A day of cardiac anesthesia
Cardiac Anesthesia at UVA
As a resident at UVA there is always an exciting case going on during your TCV rotation. Residents spend several weeks each year rotating through Thoracic, Cardiac, and Vascular surgery (TCV). In the operating room you will work closely with both cardiac surgeons and perfusionists. The environment is one in which everyone works together to provide the best care for the patient. Here is a summary of a typical day on the cardiac rotation.
The day before surgery, residents will look up pertinent information on their patient and discuss the anesthetic plan with the attending. From preoperative concerns to intraoperative management of the patient, you will be able to learn how to approach a disease from different perspectives. The day of surgery is an early start beginning around 6:15 making sure your room is ready and all drugs have been carefully prepared. Next the resident meets the patient in the preoperative area. The resident then places an arterial line, a central venous line, and a pulmonary artery catheter if appropriate. There is lots of hands on learning and the attendings are great at giving us just enough supervision to allow us to feel comfortable but at the same time allowing us to be independent. The patient is taken to the OR for intubation, and then the surgery begins. During the case there is abundant teaching by the attending. This includes discussing the particular patient’s pathologic state and completing a focused TEE study.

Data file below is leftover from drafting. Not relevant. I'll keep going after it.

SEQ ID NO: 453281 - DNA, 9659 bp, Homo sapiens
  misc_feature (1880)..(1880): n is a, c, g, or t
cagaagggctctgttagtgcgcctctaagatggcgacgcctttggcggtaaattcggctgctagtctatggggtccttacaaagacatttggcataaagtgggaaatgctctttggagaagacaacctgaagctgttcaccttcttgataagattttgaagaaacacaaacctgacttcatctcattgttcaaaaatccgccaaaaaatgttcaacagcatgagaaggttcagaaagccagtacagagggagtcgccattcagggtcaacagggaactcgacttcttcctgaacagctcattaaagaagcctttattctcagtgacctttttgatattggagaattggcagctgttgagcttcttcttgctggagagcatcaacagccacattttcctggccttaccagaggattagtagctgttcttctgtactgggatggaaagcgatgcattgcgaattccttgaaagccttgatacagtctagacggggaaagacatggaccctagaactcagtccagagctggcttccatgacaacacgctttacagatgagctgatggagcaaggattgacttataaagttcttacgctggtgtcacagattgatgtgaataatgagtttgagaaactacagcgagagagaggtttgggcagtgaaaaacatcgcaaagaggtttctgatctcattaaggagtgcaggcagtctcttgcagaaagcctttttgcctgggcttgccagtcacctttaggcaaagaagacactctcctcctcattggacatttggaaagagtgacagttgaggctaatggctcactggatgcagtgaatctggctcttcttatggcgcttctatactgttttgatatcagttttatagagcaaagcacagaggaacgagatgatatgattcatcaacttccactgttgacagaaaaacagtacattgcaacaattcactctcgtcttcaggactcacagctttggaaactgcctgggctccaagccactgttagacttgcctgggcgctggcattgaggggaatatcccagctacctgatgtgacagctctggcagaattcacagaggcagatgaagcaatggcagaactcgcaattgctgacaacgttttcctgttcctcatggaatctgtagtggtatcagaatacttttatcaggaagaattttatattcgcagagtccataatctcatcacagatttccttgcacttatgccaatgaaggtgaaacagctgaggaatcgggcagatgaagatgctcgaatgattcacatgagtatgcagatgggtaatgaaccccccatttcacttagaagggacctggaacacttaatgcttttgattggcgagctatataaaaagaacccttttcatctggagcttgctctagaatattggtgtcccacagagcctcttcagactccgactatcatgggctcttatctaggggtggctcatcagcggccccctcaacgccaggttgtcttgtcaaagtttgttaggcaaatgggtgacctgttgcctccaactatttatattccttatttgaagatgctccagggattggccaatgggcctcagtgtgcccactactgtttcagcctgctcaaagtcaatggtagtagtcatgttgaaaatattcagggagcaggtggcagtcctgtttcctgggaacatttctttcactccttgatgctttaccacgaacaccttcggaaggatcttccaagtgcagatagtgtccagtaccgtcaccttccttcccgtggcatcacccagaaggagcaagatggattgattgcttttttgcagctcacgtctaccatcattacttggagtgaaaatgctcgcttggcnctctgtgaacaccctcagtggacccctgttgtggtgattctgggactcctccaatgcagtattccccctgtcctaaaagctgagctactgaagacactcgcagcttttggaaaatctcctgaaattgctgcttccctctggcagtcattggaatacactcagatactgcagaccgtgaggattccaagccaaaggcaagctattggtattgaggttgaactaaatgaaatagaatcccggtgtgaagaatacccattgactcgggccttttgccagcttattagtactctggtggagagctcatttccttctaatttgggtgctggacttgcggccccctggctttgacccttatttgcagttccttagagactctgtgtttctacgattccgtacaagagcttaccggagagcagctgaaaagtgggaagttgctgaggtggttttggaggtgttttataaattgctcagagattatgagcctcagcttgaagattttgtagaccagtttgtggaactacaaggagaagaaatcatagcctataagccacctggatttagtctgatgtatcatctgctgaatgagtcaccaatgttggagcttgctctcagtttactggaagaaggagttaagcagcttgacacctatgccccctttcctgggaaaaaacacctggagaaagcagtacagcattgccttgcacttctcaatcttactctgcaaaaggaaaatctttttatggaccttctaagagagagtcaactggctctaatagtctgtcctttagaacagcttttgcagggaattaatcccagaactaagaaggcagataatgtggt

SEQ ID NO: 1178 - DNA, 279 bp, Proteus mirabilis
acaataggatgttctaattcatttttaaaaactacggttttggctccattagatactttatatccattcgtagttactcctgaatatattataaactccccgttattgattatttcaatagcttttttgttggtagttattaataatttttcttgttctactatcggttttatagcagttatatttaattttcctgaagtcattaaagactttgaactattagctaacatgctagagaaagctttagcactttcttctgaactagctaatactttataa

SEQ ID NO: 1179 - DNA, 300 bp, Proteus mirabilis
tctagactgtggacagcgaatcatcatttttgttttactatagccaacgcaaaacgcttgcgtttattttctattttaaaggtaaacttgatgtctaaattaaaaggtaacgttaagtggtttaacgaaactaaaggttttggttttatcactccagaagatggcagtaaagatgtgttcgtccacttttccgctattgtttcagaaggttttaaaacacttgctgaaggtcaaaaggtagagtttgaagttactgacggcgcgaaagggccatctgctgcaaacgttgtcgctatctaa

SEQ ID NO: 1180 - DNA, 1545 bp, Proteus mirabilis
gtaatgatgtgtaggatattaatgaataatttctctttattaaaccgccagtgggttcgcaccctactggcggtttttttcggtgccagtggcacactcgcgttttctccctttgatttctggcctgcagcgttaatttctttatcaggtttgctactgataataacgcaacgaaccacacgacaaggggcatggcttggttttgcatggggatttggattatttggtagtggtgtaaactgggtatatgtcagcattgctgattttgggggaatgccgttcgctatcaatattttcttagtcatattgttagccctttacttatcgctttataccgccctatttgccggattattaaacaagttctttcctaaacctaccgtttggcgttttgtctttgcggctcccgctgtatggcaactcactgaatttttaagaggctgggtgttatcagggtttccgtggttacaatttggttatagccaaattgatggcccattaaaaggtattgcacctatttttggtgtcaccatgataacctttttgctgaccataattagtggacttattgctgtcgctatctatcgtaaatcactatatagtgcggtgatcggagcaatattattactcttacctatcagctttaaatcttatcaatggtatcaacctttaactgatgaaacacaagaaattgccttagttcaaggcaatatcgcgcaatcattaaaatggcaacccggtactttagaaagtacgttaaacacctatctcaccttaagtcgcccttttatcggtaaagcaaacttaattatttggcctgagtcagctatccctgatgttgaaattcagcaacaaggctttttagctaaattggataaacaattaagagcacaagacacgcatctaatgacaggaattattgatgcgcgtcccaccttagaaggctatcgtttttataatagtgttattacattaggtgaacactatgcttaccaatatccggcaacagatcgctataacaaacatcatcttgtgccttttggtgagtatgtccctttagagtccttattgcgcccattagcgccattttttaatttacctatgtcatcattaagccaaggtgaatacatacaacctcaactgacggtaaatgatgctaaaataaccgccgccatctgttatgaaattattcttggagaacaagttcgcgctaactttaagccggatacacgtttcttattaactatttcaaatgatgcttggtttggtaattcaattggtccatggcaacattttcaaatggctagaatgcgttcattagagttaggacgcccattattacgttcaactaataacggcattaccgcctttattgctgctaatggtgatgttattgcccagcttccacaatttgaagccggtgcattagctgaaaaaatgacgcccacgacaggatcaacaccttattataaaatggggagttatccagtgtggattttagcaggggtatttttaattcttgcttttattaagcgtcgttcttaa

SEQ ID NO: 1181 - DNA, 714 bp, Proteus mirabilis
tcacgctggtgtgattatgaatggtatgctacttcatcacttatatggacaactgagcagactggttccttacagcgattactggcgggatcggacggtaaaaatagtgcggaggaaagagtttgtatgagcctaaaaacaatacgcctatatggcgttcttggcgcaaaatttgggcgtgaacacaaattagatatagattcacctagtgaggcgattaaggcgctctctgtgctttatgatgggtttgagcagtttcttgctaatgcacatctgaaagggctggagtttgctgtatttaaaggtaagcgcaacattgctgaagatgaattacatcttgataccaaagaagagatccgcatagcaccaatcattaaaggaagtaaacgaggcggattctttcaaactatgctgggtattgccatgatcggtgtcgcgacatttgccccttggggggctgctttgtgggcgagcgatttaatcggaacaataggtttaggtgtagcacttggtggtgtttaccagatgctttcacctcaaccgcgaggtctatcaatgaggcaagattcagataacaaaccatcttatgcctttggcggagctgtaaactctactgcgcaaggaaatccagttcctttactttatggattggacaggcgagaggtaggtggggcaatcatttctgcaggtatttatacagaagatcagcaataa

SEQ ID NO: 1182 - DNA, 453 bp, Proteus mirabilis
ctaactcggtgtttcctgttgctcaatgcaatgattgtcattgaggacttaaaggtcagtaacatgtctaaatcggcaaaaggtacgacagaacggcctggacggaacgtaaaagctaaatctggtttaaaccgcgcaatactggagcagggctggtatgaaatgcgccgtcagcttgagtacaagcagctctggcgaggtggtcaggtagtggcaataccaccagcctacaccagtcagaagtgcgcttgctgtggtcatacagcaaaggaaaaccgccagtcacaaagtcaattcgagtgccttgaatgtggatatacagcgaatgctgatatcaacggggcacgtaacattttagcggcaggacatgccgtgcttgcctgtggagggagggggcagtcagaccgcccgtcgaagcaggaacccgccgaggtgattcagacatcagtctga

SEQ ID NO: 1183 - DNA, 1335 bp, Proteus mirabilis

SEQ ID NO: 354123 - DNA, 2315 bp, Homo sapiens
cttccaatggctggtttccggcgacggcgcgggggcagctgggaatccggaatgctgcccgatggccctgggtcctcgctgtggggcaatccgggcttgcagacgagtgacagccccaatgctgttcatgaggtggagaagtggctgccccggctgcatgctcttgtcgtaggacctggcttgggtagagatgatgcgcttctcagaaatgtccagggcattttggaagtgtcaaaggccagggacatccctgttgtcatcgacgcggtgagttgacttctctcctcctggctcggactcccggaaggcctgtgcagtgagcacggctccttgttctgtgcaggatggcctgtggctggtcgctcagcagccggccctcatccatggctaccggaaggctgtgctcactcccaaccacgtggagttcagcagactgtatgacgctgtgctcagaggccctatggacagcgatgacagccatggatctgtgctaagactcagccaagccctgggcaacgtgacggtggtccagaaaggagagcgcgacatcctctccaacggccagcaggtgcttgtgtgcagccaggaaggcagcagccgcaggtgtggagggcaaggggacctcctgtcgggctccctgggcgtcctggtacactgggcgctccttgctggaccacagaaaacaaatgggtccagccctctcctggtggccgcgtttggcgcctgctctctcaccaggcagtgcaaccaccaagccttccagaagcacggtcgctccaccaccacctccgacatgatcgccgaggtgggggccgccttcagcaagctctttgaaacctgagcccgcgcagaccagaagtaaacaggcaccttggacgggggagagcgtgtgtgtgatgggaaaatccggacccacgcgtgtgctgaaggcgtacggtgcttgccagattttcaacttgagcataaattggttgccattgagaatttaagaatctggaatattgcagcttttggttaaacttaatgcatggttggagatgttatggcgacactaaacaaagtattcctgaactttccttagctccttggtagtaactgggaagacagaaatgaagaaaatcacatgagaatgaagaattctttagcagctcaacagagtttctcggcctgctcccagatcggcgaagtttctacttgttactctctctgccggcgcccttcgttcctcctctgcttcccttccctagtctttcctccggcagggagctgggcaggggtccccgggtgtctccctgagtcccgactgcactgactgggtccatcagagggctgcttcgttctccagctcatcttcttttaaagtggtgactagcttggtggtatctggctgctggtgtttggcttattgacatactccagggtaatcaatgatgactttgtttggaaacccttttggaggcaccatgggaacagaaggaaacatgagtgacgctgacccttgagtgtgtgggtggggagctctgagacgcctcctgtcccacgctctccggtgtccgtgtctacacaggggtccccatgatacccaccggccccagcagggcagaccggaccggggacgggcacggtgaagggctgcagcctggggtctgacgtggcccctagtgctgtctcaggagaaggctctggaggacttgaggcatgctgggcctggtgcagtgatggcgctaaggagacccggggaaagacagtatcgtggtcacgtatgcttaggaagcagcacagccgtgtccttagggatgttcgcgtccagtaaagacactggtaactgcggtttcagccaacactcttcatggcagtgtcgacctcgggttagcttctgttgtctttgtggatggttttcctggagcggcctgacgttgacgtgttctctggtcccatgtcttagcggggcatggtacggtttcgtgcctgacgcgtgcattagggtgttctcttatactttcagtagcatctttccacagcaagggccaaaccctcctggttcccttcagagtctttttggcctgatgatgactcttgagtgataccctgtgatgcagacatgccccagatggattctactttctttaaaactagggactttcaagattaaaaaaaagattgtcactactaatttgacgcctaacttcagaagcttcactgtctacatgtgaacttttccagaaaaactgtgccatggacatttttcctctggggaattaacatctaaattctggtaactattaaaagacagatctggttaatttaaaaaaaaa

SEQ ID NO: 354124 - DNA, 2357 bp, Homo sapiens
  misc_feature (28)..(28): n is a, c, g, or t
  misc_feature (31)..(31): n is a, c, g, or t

At UVA we get to do some of the biggest and most complicated cardiovascular cases. Some of the cases I did this week on my rotation included a heart transplant, LVAD insertion, esophagectomy, and thoracic aortic aneurysms, in addition to standard cardiac procedures such as CABG and valve replacements. As you can tell, there is a huge amount of variety. Our patients have many comorbidities and interesting pathology that allows each resident the opportunity to become familiar with how to care for critically ill patients. One of the things I enjoy most is visiting these patients postoperatively in the ICU and seeing the difference all our hard work makes. Overall, I think you will really enjoy your TCV rotation. We have some of the best faculty teaching us, plenty of interesting and complex cases, and of course a great working environment that you will find is one of our institution’s strongest attributes.
Diana Lobo, CA2